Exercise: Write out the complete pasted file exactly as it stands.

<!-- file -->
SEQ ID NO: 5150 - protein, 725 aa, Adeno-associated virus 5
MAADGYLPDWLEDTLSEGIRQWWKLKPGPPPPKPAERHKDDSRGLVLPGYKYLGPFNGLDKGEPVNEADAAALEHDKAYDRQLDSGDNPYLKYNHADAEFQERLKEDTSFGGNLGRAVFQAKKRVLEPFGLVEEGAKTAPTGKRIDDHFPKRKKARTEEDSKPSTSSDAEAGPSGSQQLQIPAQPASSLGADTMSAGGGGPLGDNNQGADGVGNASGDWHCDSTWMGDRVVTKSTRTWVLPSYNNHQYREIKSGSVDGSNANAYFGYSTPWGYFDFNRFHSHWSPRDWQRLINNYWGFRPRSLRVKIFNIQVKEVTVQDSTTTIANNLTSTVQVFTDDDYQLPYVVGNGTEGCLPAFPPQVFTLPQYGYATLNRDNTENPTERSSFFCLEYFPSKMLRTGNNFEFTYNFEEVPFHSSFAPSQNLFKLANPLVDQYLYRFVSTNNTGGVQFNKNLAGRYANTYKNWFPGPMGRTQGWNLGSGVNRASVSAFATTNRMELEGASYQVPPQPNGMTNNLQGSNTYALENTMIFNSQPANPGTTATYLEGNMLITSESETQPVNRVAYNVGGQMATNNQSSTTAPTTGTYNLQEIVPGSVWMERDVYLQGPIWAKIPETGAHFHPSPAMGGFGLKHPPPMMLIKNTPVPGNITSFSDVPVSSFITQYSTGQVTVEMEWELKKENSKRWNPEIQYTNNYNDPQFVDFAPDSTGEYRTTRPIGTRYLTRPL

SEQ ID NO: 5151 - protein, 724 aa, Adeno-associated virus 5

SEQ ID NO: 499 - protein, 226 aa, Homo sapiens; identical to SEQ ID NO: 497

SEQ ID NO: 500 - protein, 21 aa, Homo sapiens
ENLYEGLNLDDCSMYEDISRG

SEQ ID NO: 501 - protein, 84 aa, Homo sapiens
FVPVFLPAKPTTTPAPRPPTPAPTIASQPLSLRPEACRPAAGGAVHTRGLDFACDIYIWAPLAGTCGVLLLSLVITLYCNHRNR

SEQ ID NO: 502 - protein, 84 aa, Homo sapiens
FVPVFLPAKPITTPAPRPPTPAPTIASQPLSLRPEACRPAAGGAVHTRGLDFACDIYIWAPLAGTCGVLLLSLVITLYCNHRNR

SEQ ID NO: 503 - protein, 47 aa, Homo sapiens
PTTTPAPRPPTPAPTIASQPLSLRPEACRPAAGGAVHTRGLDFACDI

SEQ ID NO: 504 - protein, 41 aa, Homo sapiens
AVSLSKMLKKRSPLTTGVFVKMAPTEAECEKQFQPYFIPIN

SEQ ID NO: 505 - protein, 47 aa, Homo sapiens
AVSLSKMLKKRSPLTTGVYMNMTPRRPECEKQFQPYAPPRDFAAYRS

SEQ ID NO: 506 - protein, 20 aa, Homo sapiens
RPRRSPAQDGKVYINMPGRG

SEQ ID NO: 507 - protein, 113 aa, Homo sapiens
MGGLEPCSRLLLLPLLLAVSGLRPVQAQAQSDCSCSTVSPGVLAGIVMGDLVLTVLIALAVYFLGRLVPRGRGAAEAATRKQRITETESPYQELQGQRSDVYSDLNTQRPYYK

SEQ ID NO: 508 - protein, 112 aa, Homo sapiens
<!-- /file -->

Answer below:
SEQ ID NO: 5150 - protein, 725 aa, Adeno-associated virus 5
MAADGYLPDWLEDTLSEGIRQWWKLKPGPPPPKPAERHKDDSRGLVLPGYKYLGPFNGLDKGEPVNEADAAALEHDKAYDRQLDSGDNPYLKYNHADAEFQERLKEDTSFGGNLGRAVFQAKKRVLEPFGLVEEGAKTAPTGKRIDDHFPKRKKARTEEDSKPSTSSDAEAGPSGSQQLQIPAQPASSLGADTMSAGGGGPLGDNNQGADGVGNASGDWHCDSTWMGDRVVTKSTRTWVLPSYNNHQYREIKSGSVDGSNANAYFGYSTPWGYFDFNRFHSHWSPRDWQRLINNYWGFRPRSLRVKIFNIQVKEVTVQDSTTTIANNLTSTVQVFTDDDYQLPYVVGNGTEGCLPAFPPQVFTLPQYGYATLNRDNTENPTERSSFFCLEYFPSKMLRTGNNFEFTYNFEEVPFHSSFAPSQNLFKLANPLVDQYLYRFVSTNNTGGVQFNKNLAGRYANTYKNWFPGPMGRTQGWNLGSGVNRASVSAFATTNRMELEGASYQVPPQPNGMTNNLQGSNTYALENTMIFNSQPANPGTTATYLEGNMLITSESETQPVNRVAYNVGGQMATNNQSSTTAPTTGTYNLQEIVPGSVWMERDVYLQGPIWAKIPETGAHFHPSPAMGGFGLKHPPPMMLIKNTPVPGNITSFSDVPVSSFITQYSTGQVTVEMEWELKKENSKRWNPEIQYTNNYNDPQFVDFAPDSTGEYRTTRPIGTRYLTRPL

SEQ ID NO: 5151 - protein, 724 aa, Adeno-associated virus 5

SEQ ID NO: 499 - protein, 226 aa, Homo sapiens; identical to SEQ ID NO: 497

SEQ ID NO: 500 - protein, 21 aa, Homo sapiens
ENLYEGLNLDDCSMYEDISRG

SEQ ID NO: 501 - protein, 84 aa, Homo sapiens
FVPVFLPAKPTTTPAPRPPTPAPTIASQPLSLRPEACRPAAGGAVHTRGLDFACDIYIWAPLAGTCGVLLLSLVITLYCNHRNR

SEQ ID NO: 502 - protein, 84 aa, Homo sapiens
FVPVFLPAKPITTPAPRPPTPAPTIASQPLSLRPEACRPAAGGAVHTRGLDFACDIYIWAPLAGTCGVLLLSLVITLYCNHRNR

SEQ ID NO: 503 - protein, 47 aa, Homo sapiens
PTTTPAPRPPTPAPTIASQPLSLRPEACRPAAGGAVHTRGLDFACDI

SEQ ID NO: 504 - protein, 41 aa, Homo sapiens
AVSLSKMLKKRSPLTTGVFVKMAPTEAECEKQFQPYFIPIN

SEQ ID NO: 505 - protein, 47 aa, Homo sapiens
AVSLSKMLKKRSPLTTGVYMNMTPRRPECEKQFQPYAPPRDFAAYRS

SEQ ID NO: 506 - protein, 20 aa, Homo sapiens
RPRRSPAQDGKVYINMPGRG

SEQ ID NO: 507 - protein, 113 aa, Homo sapiens
MGGLEPCSRLLLLPLLLAVSGLRPVQAQAQSDCSCSTVSPGVLAGIVMGDLVLTVLIALAVYFLGRLVPRGRGAAEAATRKQRITETESPYQELQGQRSDVYSDLNTQRPYYK

SEQ ID NO: 508 - protein, 112 aa, Homo sapiens